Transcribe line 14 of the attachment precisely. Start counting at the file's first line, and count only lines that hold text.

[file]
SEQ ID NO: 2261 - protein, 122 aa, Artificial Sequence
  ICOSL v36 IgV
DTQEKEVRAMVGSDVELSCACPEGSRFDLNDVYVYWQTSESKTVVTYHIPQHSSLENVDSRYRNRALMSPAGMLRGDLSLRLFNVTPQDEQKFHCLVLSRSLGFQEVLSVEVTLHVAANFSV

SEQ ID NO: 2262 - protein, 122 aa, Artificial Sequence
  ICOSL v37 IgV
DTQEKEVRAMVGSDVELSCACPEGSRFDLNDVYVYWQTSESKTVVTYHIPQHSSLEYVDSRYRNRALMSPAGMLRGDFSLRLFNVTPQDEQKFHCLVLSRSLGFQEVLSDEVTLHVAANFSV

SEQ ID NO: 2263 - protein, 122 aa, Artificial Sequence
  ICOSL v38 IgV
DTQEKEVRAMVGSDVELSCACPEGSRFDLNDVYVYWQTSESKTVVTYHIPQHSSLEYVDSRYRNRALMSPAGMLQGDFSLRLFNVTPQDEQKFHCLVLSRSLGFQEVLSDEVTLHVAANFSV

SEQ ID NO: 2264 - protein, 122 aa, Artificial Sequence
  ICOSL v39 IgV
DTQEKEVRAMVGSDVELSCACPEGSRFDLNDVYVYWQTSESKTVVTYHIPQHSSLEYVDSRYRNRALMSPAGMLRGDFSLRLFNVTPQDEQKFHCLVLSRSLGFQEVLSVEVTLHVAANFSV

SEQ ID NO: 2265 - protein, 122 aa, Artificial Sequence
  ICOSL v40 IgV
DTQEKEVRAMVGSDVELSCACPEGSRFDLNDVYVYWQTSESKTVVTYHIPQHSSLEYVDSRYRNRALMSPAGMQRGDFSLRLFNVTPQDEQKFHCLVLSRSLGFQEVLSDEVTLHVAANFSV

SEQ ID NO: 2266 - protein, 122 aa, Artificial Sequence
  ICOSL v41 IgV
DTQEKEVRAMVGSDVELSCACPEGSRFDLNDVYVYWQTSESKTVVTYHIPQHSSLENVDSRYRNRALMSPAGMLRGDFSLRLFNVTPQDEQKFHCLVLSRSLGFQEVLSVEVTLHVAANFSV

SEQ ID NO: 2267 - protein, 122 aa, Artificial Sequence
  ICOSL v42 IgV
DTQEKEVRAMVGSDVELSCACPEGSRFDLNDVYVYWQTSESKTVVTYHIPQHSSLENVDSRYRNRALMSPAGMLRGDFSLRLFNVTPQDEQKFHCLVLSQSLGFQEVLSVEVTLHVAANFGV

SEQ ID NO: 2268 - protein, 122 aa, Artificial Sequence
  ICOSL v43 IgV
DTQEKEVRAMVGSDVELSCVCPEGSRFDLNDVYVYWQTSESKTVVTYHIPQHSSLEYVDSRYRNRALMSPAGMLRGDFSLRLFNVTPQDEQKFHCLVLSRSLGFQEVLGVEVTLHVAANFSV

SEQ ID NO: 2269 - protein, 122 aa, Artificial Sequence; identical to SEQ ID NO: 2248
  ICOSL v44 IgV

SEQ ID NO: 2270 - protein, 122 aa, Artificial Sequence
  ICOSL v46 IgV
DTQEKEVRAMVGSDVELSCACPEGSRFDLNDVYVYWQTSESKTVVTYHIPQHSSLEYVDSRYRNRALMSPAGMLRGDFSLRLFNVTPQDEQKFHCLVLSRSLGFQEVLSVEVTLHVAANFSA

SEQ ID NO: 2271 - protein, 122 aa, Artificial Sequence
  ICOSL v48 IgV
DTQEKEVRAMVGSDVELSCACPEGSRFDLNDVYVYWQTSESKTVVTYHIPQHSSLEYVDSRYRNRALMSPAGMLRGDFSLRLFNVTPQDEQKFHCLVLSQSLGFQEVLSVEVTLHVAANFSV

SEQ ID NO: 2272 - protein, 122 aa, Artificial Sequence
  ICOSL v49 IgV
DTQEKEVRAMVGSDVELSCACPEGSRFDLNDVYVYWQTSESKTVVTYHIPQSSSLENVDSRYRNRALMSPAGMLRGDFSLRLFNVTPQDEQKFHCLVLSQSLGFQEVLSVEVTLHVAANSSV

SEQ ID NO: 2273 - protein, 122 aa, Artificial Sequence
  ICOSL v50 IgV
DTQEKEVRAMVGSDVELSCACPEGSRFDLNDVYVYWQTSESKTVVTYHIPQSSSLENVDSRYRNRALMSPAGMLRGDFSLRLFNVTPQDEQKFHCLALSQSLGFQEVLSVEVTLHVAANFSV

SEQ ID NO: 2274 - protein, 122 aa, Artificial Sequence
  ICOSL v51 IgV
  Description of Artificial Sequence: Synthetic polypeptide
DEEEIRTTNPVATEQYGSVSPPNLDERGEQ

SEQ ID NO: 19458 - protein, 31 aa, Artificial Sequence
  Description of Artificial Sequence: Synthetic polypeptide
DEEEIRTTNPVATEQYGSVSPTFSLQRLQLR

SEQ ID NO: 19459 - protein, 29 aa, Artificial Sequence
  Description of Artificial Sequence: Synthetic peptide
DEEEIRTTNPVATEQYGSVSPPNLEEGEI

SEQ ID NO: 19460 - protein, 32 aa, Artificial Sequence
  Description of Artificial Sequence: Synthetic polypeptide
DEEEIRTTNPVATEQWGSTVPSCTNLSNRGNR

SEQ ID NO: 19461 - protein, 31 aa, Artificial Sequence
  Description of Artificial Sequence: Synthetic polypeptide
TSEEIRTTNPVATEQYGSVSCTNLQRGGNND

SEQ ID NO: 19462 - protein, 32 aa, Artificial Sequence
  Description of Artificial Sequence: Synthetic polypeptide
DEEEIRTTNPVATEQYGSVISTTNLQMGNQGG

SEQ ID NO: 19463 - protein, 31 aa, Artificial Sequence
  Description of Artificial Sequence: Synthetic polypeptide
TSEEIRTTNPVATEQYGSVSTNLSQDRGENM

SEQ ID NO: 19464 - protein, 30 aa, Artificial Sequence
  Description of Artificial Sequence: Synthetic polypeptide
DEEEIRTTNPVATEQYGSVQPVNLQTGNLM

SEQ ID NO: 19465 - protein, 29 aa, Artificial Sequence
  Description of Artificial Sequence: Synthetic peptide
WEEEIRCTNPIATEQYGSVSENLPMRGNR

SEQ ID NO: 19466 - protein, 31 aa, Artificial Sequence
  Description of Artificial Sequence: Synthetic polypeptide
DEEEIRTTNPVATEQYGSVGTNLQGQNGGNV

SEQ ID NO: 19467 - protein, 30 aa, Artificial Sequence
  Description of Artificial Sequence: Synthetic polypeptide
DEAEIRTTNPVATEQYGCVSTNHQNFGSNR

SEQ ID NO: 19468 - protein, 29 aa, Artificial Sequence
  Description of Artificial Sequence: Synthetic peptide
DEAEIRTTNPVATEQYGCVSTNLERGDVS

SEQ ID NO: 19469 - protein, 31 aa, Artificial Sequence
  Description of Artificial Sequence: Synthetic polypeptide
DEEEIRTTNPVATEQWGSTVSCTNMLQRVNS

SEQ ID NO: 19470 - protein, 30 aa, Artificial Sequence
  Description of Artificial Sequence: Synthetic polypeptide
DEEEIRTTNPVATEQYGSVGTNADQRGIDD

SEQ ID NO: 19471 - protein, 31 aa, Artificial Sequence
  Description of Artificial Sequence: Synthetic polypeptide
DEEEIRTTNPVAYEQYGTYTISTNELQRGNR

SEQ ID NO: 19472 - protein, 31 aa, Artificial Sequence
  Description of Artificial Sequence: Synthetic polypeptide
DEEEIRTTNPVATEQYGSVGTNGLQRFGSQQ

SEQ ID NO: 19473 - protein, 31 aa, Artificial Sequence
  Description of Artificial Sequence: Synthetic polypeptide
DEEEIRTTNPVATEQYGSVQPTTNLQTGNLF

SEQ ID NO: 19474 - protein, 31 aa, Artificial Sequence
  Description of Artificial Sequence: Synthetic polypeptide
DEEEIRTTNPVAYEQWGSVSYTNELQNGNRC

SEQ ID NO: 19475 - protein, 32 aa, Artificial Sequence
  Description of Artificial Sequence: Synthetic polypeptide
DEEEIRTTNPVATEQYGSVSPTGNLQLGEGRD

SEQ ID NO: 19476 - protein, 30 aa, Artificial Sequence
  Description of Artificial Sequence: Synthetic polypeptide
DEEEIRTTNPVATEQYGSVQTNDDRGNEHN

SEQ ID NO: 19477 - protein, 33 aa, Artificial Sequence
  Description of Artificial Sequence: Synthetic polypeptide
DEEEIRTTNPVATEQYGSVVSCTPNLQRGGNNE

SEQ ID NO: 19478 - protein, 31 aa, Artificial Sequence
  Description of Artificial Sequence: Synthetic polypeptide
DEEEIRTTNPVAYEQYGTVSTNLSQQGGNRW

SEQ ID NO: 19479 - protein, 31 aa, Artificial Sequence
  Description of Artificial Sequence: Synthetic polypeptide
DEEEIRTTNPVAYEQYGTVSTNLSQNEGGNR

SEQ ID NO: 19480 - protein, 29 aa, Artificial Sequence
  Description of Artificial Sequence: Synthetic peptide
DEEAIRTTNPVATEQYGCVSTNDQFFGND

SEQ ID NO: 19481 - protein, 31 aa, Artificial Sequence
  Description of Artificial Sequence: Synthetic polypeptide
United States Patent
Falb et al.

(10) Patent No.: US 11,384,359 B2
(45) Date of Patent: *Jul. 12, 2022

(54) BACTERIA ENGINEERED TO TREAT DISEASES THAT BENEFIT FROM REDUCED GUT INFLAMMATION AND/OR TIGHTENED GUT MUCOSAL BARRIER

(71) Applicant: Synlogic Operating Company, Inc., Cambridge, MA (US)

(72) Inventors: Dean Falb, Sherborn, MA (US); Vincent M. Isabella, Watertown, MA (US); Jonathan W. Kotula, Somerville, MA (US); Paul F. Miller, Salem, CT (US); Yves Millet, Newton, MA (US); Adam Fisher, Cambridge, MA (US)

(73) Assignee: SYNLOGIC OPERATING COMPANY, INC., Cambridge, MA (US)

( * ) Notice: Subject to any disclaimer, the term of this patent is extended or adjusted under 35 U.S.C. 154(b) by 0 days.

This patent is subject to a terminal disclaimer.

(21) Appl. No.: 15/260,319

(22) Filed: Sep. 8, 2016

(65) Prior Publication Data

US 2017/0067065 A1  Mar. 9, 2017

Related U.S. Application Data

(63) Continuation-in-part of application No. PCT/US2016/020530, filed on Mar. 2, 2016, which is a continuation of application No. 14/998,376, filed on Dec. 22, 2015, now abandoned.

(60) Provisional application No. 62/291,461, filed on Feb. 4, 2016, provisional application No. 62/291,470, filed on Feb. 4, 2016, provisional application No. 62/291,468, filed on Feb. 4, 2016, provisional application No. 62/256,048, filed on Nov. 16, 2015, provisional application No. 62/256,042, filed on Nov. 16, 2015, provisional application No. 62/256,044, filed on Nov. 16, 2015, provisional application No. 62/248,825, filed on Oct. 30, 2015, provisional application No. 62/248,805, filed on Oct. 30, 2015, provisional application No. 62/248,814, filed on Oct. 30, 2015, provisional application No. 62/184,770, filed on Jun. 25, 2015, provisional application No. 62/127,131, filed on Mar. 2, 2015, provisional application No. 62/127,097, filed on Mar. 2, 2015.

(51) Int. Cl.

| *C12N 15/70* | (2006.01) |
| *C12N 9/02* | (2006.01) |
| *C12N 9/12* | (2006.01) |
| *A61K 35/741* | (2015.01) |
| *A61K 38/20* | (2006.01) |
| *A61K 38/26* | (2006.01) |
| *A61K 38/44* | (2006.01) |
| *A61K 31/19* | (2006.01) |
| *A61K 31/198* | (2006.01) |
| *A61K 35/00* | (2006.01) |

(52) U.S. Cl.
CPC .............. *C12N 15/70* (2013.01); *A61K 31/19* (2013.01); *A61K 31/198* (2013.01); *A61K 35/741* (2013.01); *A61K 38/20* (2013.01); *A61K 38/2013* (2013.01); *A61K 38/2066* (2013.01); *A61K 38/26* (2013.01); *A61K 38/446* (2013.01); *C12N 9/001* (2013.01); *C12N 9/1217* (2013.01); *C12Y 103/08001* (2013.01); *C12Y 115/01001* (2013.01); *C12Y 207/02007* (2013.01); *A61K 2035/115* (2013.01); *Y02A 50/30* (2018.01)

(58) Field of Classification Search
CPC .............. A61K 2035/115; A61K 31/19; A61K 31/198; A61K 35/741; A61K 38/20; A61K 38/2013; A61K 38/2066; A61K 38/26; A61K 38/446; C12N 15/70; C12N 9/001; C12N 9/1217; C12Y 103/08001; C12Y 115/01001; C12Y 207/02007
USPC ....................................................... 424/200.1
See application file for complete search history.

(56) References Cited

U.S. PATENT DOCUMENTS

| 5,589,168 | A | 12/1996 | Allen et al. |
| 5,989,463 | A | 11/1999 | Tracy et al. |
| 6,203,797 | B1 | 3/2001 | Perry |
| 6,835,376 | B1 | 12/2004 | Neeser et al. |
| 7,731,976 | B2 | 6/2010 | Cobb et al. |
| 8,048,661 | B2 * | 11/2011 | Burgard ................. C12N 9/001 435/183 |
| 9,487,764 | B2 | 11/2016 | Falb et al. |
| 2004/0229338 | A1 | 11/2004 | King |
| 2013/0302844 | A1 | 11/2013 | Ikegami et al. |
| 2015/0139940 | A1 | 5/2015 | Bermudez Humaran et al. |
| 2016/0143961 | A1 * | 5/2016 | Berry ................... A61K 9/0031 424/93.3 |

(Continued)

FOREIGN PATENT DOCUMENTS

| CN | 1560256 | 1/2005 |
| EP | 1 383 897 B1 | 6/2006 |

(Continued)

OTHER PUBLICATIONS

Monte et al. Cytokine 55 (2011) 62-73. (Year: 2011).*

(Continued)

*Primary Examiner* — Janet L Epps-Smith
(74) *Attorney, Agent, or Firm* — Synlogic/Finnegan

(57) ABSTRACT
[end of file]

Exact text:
  ICOSL v40 IgV